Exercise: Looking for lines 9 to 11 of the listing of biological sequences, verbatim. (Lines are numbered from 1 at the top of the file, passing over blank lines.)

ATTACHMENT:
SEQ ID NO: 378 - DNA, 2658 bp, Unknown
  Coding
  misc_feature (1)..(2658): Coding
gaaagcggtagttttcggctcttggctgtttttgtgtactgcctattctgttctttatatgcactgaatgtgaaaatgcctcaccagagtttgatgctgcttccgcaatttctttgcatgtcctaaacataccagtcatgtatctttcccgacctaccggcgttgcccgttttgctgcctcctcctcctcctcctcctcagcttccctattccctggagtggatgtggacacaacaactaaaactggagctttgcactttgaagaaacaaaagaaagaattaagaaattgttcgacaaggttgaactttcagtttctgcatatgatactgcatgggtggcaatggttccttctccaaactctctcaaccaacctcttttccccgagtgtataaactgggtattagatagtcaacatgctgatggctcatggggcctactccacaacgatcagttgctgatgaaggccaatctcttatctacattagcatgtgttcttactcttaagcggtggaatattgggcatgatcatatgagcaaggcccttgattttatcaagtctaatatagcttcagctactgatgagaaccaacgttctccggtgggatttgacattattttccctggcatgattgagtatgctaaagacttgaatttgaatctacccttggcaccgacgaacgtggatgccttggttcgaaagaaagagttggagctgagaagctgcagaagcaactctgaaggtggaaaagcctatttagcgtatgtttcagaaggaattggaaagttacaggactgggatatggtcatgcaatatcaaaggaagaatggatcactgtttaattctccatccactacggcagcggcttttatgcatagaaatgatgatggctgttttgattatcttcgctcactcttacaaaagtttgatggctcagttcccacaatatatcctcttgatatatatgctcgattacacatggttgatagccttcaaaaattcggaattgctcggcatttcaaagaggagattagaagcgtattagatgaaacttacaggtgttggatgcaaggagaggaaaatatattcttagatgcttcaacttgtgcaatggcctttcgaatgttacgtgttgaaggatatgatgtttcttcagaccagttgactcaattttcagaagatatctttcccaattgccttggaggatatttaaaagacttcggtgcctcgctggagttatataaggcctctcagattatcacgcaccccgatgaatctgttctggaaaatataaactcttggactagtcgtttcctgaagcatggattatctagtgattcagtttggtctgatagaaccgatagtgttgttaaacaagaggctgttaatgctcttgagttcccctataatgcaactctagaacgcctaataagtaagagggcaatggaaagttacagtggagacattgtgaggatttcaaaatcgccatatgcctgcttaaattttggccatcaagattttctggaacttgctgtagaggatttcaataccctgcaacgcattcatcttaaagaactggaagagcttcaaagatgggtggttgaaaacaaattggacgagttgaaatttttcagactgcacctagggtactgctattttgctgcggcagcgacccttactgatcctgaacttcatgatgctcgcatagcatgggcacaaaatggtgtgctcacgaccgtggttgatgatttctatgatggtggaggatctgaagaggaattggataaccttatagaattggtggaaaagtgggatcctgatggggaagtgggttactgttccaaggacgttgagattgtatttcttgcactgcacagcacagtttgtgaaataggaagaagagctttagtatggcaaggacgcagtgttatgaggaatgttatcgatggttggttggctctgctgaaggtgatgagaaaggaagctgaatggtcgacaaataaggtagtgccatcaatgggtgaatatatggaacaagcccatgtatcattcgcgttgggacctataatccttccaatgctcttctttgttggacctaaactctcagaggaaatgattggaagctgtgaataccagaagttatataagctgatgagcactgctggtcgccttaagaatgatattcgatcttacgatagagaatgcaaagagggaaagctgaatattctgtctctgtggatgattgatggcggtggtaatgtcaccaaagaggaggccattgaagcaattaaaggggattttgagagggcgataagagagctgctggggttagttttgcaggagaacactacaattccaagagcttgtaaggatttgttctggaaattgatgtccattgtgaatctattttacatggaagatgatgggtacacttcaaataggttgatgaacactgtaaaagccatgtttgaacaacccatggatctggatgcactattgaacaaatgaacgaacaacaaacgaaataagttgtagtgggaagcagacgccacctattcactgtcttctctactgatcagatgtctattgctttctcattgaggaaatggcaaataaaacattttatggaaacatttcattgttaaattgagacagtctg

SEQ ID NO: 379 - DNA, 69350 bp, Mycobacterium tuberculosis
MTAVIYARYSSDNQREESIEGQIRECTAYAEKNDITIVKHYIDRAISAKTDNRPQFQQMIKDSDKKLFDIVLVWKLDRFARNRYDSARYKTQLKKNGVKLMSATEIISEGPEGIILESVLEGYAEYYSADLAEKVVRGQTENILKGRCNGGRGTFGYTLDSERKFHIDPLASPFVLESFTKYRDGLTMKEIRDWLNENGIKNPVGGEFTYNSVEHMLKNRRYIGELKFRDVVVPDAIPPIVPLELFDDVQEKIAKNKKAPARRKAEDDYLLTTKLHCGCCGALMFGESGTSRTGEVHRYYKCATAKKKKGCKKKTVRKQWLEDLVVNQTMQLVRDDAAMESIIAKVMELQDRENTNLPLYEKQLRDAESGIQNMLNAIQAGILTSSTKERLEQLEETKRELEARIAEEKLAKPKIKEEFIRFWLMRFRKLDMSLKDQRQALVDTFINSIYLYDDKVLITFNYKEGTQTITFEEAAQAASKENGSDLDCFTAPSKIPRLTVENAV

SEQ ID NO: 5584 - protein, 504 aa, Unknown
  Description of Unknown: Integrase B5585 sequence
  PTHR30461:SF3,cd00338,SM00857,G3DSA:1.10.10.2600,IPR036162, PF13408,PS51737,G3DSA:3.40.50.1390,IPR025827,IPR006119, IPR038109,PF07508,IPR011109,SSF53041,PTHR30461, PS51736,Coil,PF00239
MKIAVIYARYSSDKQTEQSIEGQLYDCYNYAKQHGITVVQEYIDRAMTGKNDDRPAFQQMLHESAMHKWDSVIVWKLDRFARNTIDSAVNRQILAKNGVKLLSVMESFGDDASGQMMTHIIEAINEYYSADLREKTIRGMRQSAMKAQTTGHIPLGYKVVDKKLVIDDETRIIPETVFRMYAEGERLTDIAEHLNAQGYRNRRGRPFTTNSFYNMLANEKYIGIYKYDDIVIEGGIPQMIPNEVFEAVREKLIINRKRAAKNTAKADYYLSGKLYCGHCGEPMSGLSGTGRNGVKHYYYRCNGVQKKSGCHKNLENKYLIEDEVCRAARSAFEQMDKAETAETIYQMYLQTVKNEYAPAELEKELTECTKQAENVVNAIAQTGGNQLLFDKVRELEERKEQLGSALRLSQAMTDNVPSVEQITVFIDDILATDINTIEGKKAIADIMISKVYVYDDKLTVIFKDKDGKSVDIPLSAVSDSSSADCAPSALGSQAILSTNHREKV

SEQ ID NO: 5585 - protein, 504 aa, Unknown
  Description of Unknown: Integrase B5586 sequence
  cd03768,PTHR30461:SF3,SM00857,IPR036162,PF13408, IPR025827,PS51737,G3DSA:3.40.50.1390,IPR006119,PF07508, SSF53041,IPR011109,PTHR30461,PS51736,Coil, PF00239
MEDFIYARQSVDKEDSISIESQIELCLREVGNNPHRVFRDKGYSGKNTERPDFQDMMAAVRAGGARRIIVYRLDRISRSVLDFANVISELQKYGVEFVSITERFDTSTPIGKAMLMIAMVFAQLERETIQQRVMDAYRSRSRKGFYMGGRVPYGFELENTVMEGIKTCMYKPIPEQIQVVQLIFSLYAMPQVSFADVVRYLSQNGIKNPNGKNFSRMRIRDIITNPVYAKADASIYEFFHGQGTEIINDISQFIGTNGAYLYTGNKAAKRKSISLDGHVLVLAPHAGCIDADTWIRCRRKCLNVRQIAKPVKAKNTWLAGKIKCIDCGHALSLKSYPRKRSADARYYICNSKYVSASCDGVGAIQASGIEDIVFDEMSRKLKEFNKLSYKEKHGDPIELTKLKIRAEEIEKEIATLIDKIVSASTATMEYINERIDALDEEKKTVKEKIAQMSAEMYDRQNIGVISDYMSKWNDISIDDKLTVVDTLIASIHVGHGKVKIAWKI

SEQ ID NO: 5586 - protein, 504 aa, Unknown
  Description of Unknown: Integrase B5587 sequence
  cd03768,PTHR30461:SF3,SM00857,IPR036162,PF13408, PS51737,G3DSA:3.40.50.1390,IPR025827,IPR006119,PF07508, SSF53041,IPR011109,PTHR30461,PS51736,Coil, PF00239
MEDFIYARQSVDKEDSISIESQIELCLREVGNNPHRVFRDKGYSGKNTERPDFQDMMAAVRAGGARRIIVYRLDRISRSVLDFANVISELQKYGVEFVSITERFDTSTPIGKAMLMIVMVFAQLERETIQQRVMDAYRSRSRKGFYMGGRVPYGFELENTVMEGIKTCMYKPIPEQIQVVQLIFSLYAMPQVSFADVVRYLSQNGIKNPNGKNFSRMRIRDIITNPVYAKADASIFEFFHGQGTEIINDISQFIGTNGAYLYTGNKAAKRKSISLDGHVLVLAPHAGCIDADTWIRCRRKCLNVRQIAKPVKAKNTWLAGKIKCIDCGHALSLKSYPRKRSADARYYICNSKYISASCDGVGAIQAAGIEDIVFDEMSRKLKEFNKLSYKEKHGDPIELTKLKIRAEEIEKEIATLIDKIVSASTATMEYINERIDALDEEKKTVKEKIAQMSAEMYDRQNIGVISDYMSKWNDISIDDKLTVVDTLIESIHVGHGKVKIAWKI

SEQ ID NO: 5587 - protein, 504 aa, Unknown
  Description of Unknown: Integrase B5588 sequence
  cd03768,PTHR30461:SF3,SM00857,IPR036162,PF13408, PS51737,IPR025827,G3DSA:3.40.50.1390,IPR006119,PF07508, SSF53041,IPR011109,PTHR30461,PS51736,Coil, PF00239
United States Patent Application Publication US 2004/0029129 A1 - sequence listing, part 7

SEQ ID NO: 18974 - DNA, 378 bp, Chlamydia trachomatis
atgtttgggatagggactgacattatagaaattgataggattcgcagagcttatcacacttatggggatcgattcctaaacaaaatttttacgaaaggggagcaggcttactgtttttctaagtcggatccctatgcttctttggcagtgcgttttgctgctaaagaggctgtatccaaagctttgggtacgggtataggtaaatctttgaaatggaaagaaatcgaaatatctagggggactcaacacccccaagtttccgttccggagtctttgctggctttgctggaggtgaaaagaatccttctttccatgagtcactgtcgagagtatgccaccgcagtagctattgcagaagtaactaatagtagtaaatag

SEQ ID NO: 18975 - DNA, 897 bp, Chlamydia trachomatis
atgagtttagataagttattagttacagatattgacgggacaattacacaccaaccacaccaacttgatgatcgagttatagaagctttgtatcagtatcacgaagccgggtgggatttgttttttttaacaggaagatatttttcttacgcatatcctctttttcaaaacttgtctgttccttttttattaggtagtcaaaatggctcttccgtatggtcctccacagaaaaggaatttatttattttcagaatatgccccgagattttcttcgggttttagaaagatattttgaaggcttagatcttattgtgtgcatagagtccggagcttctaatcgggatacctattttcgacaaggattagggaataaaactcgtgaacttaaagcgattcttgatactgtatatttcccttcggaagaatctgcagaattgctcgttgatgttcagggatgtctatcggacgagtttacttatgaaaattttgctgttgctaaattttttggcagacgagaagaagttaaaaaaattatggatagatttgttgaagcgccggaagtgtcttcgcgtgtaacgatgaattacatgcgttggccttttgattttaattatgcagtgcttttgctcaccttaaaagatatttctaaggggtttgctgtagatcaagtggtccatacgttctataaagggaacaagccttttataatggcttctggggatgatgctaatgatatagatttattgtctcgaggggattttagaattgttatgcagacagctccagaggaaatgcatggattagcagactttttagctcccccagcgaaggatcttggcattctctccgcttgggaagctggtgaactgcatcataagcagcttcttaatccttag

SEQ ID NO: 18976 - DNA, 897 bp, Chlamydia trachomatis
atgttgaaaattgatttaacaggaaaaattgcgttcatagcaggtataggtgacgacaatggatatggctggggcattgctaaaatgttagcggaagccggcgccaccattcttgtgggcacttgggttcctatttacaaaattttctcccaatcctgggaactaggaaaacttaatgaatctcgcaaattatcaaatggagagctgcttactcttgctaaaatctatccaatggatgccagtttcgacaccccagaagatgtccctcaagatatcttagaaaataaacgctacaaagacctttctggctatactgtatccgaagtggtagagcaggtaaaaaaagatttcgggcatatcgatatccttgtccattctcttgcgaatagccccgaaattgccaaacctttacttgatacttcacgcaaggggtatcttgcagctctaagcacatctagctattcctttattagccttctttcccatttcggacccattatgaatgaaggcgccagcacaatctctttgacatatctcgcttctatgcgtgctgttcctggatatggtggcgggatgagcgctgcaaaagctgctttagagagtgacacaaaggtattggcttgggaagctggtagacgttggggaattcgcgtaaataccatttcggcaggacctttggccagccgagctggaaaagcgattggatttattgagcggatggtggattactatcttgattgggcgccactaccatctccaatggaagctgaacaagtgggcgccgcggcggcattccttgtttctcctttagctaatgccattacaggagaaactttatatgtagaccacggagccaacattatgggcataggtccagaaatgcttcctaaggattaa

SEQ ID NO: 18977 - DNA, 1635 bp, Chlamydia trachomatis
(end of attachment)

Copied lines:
  PTHR30461:SF3,cd00338,SM00857,G3DSA:1.10.10.2600,IPR036162, PF13408,PS51737,G3DSA:3.40.50.1390,IPR025827,IPR006119, IPR038109,PF07508,IPR011109,SSF53041,PTHR30461, PS51736,Coil,PF00239
MKIAVIYARYSSDKQTEQSIEGQLYDCYNYAKQHGITVVQEYIDRAMTGKNDDRPAFQQMLHESAMHKWDSVIVWKLDRFARNTIDSAVNRQILAKNGVKLLSVMESFGDDASGQMMTHIIEAINEYYSADLREKTIRGMRQSAMKAQTTGHIPLGYKVVDKKLVIDDETRIIPETVFRMYAEGERLTDIAEHLNAQGYRNRRGRPFTTNSFYNMLANEKYIGIYKYDDIVIEGGIPQMIPNEVFEAVREKLIINRKRAAKNTAKADYYLSGKLYCGHCGEPMSGLSGTGRNGVKHYYYRCNGVQKKSGCHKNLENKYLIEDEVCRAARSAFEQMDKAETAETIYQMYLQTVKNEYAPAELEKELTECTKQAENVVNAIAQTGGNQLLFDKVRELEERKEQLGSALRLSQAMTDNVPSVEQITVFIDDILATDINTIEGKKAIADIMISKVYVYDDKLTVIFKDKDGKSVDIPLSAVSDSSSADCAPSALGSQAILSTNHREKV

SEQ ID NO: 5585 - protein, 504 aa, Unknown